This is a collection of maps created for a variety of research projects conducted here at the Institute for Crustal Studies (ICS). The maps were generated with set of UNIX mapping programs called Generic Mapping Tools (GMT). The purpose of the catalog is not only to archive and distribute maps to the ICS researchers who use them, but also to provide examples and resources for mapping with GMT. Local users (those with accounts on quake) can easily regenerate a PostScript file for printing (see below). If you are viewing this site from elsewhere, everything you need to reproduce these maps is freely available on the Internet, including the software and most of the data that is used. In addition you are free to copy any of the scripts used to make each map.

History and Site Maintenance

1997 Geoff Ely - Created and maintained this site until he left for grad school at IGPP/SIO. You may be able to track him down there with questions. In the meantime GMT has been pretty stable and should continue to work.

1999 Geoff Ely - updates a few things on the site during a visit to ICS.

2004 Aaron Martin creates the "Other Resources" section below after working on getting some new topo data for a project map.

2006-01-17 Joe Mount - I have updated this website, mainly the procedure for Generating PostScript on both Sun and Mac boxes and the cal_tutorial script. I have also tested each script. I was able to get most of them working; 'syv2' and 'vb2' are not exactly working ('syv2' is missing the landmass/coast -- see pscoast -- and 'vb2' has data circles that are too small -- zooming in shows that the data points are correct but need to be scaled larger -- see psxy -- the 3rd column for the scsn19* files is the size of the circles, which is too small).

2006-01-23 Aaron Martin - Updated the html just a bit trying to increase the aesthetics.

2006-02-13 Joe Mount - Added some documentation to clarify script-generating procedures after user had problems.

2012-08-28 Aaron Martin - ICS and ICESS (another ORU) merged to create Earth Research Institute (ERI). The projects website has been migrated to ERI infrastructure some time ago. Finally reassembled the mapcat-data project directory referenced just below. Have updated the pathfile reference to reflect its new location within the ERI infrastructure. That directory will NOT be available on all systems, but contact IT staff if its not available on a system capable of running GMT.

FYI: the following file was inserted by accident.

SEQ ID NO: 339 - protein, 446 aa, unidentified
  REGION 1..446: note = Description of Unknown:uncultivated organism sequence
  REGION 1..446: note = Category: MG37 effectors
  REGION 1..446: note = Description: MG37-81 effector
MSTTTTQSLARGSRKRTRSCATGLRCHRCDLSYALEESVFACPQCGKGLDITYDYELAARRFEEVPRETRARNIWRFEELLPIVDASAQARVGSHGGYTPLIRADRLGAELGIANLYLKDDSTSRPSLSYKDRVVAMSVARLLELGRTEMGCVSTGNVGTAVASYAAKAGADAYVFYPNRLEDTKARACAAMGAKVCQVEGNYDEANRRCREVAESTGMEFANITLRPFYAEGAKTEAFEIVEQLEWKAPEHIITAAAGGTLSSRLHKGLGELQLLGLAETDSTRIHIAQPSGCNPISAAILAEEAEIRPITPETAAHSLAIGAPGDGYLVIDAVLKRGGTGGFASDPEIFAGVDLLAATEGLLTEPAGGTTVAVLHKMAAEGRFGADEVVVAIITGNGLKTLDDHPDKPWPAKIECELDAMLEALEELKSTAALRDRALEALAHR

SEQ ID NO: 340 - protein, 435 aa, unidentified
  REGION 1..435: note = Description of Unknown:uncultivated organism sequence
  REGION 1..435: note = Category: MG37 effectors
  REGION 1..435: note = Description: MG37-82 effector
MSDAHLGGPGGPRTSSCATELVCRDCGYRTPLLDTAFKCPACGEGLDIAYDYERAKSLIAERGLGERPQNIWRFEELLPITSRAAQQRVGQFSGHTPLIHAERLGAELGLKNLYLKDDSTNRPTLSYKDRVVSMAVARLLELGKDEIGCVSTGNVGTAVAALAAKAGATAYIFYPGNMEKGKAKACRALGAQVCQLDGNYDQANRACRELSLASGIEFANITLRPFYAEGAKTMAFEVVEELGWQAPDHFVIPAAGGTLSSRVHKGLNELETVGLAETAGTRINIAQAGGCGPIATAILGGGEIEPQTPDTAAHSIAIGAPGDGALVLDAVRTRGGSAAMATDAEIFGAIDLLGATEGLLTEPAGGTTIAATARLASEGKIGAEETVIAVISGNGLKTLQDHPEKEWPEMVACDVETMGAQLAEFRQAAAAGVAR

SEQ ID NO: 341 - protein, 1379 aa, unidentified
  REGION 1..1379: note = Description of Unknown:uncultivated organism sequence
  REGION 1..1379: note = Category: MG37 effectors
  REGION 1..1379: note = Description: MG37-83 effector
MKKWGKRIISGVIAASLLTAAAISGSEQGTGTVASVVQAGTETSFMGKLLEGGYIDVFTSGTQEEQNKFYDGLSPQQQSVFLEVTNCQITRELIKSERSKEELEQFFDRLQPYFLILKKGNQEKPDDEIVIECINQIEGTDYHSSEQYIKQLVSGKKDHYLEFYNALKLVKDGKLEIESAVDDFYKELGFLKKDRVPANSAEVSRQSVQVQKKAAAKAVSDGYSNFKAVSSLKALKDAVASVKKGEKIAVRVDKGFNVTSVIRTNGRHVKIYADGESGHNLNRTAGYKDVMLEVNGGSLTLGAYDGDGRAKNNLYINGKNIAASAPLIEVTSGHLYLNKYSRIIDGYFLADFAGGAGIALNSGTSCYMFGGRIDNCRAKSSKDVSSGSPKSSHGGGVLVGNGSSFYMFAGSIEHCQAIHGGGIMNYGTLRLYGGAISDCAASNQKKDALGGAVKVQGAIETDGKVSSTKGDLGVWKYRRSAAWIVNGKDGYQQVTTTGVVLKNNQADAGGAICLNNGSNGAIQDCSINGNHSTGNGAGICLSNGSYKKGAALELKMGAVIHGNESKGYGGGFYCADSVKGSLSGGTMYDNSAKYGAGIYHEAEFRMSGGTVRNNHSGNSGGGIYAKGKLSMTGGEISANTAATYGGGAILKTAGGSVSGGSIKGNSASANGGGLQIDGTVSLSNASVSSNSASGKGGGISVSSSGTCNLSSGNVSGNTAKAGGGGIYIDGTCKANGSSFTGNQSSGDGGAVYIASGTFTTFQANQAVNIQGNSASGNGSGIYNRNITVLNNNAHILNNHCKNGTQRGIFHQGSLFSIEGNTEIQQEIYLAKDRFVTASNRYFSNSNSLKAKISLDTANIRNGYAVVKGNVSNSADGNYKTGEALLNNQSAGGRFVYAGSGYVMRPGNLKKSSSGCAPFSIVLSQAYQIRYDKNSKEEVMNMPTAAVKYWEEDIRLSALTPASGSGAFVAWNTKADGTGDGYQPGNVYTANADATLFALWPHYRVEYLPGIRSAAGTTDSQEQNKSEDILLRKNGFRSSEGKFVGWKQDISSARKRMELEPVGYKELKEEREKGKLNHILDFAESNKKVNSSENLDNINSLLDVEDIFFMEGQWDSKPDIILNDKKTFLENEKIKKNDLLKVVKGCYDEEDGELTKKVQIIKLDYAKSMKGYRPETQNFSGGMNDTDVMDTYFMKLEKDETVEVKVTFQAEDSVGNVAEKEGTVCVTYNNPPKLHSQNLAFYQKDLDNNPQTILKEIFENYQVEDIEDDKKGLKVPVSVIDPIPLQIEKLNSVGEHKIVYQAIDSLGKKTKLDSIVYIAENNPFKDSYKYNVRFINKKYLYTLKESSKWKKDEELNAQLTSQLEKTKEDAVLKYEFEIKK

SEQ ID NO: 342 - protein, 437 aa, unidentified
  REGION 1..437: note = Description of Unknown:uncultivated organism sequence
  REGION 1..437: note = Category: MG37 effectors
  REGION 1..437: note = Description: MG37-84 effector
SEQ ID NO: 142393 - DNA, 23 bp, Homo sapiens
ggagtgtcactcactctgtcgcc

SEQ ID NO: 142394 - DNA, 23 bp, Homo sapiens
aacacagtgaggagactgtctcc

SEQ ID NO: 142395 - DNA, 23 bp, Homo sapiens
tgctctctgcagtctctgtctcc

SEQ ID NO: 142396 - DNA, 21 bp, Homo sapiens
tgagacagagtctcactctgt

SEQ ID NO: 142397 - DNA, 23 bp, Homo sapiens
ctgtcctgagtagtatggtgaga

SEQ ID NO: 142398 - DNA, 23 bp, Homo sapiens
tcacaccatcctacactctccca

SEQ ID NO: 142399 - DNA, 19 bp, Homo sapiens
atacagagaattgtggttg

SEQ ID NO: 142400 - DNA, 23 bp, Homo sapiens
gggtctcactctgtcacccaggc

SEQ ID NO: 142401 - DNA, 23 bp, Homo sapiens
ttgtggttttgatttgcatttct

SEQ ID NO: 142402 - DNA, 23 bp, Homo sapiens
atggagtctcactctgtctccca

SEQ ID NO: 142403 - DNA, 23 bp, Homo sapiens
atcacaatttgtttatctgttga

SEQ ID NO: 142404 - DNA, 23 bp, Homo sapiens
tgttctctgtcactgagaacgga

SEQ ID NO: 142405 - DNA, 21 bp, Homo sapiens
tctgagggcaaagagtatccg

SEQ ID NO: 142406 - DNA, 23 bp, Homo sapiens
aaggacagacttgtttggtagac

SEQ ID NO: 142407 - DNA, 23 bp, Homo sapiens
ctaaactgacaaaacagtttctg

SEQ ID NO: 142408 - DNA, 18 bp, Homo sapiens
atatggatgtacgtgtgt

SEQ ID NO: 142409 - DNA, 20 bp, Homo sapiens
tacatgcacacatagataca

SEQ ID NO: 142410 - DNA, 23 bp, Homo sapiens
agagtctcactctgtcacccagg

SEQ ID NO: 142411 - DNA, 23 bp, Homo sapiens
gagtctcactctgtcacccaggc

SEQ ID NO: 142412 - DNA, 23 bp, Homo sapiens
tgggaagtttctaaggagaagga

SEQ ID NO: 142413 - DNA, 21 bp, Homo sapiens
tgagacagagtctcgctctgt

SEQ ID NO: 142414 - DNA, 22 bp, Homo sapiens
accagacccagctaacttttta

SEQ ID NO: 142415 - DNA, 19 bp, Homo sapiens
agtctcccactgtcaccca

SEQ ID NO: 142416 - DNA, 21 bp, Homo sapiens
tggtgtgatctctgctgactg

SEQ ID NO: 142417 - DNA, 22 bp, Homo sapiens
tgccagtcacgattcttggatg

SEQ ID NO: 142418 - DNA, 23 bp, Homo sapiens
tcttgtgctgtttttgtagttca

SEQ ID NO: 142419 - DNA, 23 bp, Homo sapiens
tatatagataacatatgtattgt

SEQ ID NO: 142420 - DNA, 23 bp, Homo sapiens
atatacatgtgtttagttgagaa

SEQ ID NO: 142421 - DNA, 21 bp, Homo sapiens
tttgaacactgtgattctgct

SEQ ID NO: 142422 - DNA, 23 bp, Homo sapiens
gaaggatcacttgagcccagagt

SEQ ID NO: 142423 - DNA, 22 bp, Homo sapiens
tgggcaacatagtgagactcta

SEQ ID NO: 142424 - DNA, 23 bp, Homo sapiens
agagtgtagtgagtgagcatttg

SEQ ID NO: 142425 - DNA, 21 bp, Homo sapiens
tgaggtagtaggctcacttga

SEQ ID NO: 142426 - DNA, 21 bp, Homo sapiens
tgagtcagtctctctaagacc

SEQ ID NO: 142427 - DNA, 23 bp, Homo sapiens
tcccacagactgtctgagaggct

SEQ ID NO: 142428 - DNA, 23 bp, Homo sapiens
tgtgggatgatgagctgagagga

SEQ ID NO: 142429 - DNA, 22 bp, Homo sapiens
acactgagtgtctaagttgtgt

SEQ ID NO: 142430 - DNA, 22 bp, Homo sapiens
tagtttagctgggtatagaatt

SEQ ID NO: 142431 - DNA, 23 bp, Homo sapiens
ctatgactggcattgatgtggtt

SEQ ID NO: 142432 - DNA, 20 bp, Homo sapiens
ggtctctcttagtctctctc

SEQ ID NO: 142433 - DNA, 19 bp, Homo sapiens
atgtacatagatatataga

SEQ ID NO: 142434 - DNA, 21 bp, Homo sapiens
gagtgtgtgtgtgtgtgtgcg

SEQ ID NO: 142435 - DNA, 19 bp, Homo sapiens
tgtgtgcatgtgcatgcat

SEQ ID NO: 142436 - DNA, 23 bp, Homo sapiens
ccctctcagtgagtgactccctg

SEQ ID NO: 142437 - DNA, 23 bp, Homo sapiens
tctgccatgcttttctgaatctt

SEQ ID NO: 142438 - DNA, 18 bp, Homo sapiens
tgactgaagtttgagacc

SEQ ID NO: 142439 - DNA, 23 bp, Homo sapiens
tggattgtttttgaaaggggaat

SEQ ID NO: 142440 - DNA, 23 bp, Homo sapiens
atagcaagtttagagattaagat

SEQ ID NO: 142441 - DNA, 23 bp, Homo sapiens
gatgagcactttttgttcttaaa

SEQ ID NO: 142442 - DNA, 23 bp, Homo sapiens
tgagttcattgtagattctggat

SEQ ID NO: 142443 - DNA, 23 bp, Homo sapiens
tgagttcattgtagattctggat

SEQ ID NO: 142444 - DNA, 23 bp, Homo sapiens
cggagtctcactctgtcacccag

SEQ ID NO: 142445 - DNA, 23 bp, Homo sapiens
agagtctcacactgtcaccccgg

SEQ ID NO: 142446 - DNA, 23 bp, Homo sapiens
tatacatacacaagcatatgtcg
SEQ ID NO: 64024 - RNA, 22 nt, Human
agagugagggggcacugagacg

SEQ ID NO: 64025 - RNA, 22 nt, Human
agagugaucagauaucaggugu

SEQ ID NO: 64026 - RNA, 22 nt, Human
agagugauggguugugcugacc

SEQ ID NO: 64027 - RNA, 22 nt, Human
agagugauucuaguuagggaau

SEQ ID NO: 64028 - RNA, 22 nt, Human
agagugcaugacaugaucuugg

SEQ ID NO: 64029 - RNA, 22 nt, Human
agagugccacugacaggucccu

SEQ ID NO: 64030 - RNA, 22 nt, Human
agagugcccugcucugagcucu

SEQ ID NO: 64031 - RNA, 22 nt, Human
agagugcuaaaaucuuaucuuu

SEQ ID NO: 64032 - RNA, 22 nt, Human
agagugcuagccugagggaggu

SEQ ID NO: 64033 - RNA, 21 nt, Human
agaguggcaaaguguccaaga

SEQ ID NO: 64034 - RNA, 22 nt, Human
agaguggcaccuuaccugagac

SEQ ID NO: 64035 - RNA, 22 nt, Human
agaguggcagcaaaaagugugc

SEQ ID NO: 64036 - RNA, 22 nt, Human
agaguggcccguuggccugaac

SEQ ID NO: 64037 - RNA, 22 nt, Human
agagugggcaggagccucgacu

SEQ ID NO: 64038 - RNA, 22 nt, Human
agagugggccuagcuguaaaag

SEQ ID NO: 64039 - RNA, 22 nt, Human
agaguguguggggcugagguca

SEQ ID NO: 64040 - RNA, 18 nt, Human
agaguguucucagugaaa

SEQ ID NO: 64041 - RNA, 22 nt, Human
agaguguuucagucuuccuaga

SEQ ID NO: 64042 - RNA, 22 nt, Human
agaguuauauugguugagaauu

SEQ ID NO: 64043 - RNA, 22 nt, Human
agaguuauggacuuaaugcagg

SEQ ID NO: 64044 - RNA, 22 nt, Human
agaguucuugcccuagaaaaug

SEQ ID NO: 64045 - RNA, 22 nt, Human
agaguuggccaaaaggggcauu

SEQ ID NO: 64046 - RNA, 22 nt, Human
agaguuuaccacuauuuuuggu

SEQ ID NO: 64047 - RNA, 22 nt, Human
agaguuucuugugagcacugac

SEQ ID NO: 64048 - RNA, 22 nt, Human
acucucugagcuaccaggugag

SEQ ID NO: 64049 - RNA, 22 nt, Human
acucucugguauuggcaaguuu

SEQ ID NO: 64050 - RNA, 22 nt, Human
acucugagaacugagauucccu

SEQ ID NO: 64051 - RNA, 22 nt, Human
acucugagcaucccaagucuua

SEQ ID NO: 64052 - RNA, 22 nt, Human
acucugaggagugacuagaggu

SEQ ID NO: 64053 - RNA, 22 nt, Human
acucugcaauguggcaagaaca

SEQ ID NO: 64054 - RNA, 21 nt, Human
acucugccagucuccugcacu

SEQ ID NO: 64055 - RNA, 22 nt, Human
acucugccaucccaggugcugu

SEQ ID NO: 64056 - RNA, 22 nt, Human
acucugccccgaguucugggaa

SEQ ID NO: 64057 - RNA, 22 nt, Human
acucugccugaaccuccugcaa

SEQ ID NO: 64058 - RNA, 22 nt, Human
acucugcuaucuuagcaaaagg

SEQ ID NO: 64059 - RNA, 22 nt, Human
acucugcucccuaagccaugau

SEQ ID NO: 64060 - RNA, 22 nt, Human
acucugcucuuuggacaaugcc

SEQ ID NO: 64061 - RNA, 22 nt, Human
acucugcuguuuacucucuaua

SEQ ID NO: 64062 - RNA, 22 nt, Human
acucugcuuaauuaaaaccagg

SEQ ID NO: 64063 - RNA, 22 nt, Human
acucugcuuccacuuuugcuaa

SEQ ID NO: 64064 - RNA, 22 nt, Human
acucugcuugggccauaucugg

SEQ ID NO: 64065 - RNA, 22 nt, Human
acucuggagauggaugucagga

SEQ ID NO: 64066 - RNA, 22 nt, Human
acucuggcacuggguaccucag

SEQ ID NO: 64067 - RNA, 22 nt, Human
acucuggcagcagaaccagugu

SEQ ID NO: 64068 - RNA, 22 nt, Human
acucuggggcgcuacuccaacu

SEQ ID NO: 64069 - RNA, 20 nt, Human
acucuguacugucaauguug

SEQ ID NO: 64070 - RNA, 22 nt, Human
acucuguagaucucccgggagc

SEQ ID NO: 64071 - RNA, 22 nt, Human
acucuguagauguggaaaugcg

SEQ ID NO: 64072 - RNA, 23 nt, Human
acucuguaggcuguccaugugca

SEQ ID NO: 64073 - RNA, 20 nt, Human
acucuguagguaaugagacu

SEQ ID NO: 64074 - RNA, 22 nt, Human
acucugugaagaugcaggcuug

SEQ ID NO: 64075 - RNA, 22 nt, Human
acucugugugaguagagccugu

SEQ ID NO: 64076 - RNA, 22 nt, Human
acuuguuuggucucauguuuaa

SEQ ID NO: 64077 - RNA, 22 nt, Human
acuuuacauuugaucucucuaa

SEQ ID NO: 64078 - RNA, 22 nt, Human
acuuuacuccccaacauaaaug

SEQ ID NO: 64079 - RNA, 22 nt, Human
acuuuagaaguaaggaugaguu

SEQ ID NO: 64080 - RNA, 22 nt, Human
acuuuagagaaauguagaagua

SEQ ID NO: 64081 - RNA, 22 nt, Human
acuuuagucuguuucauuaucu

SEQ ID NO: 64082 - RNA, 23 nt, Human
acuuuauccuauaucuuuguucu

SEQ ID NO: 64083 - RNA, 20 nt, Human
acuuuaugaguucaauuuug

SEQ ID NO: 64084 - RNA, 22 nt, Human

Generating PostScript (local ERI users only)

NOTE: must create a file called "pathfile" with the single line "/home/gmt/data/mapcat-data". This specifies the location of the data files used by GMT.
NOTE2: "pathfile" must be in the same directory as the gmtscripts that you wish to generate.

From a Sun workstation:
Find the map that you want to generate from the website.
(For this example we will use the map "cal".)
Hold the shift key down and click the left
mouse button on "GMT Script".
(This will let you save a copy of the script in your directory.)
In a UNIX terminal window go to your directory and type "sh cal".
(This will generate a PostScript file called "".)
You can view the map with the command "gv".
You can print the map with the command "lp -d printername".

From a Macintosh:
Find the map that you want to generate from the website.
(For this example we will use the map "cal".)
Save the linked file to your directory.
Open a terminal and log into a Sun machine.
Use scp to copy the map file to the Sun box.
Go to the directory with the downloaded map file and type "sh cal".
(This will generate a PostScript file called "").
Use scp to copy back to your local Mac directory. Use Adobe Illustrator to open and print You can also use Preview. (NOTE: "lab" can only be properly viewed using Ghostview... see the lab script for explanation).
(If your Mac does not have Illustrator, you may need to scp the .ps file to a Mac that does have it)
NOTE: All scripts have primarily been regenerated and tested on the Mac
using the Preview program.

Writing GMT scripts

In GMT, separate commands are executed to create each feature of a map. All the commands for a certain map can be combined into a "script". Then simply running the script will generate the complete map. All of the scripts in the catalog are fairly similar in structure. Here the map called "cal" is used as a tutorial. It is earthquake and fault map of California and Nevada.
Tutorial GMT script:
JPEG image: cal.jpeg

GMT software

Generic Mapping Tools is available from the GMT home page. at the University of Hawaii.

Other Resources Interactive source for topographical data collections. Handy tutorial.
90 m (3 arc-second) data for all of North America
30 m (1 arc-second) data for the United States
The ftp site contains a list of files that look like this -
where N 15, W 94 is the lower left corner of the file. The files contain 1 degree by 1 degree blocks of elevation data (so the upper right corner of this file would be N 16, W 93).
The data is in bil format. In ArcInfo, I unzip the file, change .hgt to .bil, and write a .hdr file to import the data.
The data is in geographic coordinates (decimal degrees, I think) so you may need to project the data to UTM for use in GMT.